Illustration of Oruktor Amphibolos

1805 Oruktor Amphibolos

The book of science

Tom Sharp

Oliver Evans mechanics thermodynamics Illustration of Oruktor Amphibolos

Oruktor Amphibolos

Oliver Evans patented a new steam engine but had some difficulty finding a use for it. He convinced the Philadelphia Board of Health that he could build and operate a steam-powered dredge to clear the harbor. He built his dredger in a flat-bottomed scow thirty feet long, twelve feet wide, so that the finished machine with its paddlewheel weighed about seventeen tons. Having no way to move it, he put it on four wheels, which collapsed from the weight. He installed more heavy-duty wheels and connected them to the engine with a belt. Thus he was able to move the dredger under its own power through the streets to the Schuylkill River, the first automobile in the United States and the first amphibious craft in the world; however, it proved to be ineffective as a dredger.

Mars Works

Evans named his factory after the Roman god of war and employed thirty-five workers to build heavy machinery, castings, and custom-made steam engines of his own designs. The works included an iron foundry, a moldmaker’s shop, a millstone maker, blacksmith’s shops to work wrought iron, and a six-horsepower steam engine to grind and bore castings. The Mars Works built over a hundred steam engines. It cast naval canons for the War of 1812 and built steam engines for the Philadelphia Mint in 1816.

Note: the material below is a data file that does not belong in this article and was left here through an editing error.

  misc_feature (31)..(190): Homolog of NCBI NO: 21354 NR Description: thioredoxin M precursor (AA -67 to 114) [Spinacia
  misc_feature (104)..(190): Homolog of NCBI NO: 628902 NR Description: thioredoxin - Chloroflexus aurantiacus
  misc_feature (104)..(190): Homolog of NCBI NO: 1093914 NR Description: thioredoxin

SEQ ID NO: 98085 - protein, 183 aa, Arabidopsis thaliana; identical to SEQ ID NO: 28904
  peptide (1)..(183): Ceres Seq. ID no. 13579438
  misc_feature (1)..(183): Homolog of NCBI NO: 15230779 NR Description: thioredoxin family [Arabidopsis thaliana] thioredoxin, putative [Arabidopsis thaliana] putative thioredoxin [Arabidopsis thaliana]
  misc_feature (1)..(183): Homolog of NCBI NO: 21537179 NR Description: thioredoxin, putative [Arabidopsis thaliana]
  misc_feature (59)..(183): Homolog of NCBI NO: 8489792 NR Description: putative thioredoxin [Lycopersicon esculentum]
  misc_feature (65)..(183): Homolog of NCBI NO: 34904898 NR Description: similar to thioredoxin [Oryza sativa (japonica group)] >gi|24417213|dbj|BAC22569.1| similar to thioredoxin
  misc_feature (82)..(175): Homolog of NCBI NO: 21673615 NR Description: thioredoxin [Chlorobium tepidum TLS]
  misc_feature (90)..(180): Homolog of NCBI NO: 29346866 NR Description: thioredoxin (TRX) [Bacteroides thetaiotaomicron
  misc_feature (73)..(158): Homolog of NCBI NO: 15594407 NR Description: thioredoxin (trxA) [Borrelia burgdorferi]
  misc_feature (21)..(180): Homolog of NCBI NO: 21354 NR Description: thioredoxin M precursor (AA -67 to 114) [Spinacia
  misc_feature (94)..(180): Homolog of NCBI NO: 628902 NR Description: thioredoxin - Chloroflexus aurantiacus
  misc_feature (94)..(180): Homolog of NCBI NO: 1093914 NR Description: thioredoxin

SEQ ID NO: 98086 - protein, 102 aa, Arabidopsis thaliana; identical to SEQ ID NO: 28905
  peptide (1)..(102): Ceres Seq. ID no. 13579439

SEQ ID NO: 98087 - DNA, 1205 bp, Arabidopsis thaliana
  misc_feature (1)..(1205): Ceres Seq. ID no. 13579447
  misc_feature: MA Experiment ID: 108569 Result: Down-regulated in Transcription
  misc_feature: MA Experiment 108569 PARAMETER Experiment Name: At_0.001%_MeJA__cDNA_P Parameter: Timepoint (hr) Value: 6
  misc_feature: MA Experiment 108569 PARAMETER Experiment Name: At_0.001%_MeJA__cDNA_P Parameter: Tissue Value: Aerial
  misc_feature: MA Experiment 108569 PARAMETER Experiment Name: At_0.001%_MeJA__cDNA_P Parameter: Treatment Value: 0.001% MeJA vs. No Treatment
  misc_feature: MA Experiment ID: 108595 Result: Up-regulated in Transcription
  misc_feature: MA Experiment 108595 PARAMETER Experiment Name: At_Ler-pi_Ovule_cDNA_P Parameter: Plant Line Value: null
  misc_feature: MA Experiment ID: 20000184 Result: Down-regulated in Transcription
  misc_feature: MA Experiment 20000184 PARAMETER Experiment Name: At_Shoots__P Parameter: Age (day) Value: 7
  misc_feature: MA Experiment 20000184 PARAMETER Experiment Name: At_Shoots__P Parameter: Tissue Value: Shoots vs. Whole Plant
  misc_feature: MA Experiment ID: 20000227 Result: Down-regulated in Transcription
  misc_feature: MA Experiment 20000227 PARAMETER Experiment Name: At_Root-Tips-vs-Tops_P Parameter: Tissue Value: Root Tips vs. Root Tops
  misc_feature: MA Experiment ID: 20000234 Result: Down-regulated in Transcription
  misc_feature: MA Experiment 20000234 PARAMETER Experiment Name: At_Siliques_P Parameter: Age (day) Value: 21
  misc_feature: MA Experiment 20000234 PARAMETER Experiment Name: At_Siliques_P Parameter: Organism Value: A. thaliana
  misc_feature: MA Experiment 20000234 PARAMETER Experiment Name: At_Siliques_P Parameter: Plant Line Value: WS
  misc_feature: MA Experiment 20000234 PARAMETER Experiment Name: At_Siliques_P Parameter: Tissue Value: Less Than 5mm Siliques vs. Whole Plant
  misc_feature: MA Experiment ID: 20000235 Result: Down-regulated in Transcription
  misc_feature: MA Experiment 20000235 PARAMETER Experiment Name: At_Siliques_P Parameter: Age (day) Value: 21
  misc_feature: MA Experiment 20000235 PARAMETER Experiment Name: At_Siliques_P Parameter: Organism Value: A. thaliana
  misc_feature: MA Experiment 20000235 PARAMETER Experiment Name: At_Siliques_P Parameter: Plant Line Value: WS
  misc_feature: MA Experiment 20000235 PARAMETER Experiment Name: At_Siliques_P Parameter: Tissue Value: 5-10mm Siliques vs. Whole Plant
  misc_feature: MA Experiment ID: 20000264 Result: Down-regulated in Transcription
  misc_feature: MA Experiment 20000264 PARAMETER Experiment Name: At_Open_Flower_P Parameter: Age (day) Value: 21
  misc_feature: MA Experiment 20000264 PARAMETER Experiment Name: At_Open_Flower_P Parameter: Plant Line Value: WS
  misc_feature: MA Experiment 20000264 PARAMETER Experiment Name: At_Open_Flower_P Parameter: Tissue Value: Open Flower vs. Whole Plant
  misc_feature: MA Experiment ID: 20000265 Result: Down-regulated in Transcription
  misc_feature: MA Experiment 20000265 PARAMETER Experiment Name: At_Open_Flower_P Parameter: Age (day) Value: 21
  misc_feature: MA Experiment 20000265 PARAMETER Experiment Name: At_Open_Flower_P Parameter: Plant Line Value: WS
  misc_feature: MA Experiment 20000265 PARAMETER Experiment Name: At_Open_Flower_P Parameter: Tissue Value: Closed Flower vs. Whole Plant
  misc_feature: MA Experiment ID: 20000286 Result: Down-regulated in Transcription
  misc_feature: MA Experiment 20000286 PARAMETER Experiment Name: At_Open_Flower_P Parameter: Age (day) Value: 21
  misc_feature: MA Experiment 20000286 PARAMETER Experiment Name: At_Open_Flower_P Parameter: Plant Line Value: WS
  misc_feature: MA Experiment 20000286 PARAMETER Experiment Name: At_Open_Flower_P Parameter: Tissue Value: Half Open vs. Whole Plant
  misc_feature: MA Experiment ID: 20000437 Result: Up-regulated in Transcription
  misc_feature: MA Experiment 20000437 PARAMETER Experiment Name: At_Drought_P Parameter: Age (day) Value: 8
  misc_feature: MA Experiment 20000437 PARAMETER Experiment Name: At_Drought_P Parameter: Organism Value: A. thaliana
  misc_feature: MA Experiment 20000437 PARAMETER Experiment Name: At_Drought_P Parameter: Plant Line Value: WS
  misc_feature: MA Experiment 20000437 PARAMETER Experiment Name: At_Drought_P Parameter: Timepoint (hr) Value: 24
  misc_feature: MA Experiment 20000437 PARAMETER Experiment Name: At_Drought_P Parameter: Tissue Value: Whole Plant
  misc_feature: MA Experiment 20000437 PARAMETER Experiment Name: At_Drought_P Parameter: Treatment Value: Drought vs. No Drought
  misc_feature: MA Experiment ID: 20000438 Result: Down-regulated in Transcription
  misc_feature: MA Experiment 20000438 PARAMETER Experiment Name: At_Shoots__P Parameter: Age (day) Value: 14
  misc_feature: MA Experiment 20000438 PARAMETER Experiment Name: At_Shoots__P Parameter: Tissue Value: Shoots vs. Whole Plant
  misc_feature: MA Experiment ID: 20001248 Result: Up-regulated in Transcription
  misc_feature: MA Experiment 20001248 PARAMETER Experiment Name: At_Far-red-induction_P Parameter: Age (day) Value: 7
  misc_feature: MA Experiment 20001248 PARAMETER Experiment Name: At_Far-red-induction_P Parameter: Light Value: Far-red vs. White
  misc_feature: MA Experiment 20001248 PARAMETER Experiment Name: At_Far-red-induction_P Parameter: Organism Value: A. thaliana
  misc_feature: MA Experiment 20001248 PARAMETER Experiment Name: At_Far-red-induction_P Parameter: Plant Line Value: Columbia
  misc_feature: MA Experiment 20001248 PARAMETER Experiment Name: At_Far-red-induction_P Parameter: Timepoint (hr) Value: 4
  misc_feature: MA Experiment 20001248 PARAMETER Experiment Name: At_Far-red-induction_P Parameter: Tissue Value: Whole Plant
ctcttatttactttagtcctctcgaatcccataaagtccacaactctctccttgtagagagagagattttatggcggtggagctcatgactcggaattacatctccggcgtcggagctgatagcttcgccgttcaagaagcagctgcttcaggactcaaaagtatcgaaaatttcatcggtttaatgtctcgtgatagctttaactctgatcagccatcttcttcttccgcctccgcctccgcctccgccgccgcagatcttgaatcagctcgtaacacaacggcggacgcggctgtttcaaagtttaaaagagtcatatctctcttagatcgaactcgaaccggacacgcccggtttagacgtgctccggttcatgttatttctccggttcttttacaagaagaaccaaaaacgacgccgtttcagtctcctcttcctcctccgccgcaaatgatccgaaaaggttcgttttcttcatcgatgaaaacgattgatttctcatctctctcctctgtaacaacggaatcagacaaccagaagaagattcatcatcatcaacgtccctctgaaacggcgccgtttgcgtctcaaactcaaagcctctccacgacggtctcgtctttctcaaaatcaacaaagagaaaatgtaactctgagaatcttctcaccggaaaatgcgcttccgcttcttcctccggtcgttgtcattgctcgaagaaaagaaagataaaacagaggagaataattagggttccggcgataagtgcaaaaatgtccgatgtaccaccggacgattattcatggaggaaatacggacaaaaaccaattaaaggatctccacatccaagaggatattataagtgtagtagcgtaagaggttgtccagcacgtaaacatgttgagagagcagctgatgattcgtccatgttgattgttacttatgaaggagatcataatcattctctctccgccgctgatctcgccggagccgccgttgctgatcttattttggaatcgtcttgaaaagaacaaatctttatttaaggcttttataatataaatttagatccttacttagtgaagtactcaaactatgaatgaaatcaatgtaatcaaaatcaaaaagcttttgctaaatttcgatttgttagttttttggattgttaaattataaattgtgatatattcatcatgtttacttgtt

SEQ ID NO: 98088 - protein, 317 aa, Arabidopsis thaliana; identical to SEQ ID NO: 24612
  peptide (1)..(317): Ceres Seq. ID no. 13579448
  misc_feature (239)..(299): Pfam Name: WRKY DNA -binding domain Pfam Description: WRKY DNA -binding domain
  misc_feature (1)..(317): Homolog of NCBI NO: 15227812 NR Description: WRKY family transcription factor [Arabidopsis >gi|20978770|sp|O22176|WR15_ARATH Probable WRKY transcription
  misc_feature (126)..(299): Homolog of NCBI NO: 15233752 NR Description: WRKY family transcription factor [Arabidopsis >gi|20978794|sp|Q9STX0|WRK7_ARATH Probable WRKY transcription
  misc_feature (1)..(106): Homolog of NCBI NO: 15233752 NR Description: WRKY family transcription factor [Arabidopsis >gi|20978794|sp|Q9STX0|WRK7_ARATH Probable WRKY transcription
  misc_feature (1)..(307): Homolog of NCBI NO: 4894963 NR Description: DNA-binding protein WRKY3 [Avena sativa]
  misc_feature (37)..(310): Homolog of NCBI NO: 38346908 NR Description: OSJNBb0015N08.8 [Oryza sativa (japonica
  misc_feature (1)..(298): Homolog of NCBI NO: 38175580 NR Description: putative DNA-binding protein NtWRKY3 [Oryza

Obscure iron artifacts of the nineteenth century

Some of the finest eggs that Fabergé made were made of iron, lighter than gold! The first man-made hummingbird that could fly was fashioned of sixteenth-inch plate iron. The more durable pirate peg legs were iron, but were heavily oiled to keep from rusting. The first cast-iron computers were installed in Captain Nemo’s Nautilus. Iron, the most common element on earth, was used not only for nails, swords, and chains. Wrought and cast iron were the plastics of the nineteenth century, used for everything from pens and toothpicks to the stays of ladies’ corsets. What iron works of the time couldn’t make from iron was hardly worth writing about.

Oruktor amphibolos is Greek for amphibious dredger. Oliver Evans was a prolific inventor, but it might be said that any invention with a great name is a great invention. But I can’t decide. If he named it something in English, such as “autodredger,” would it be better known?

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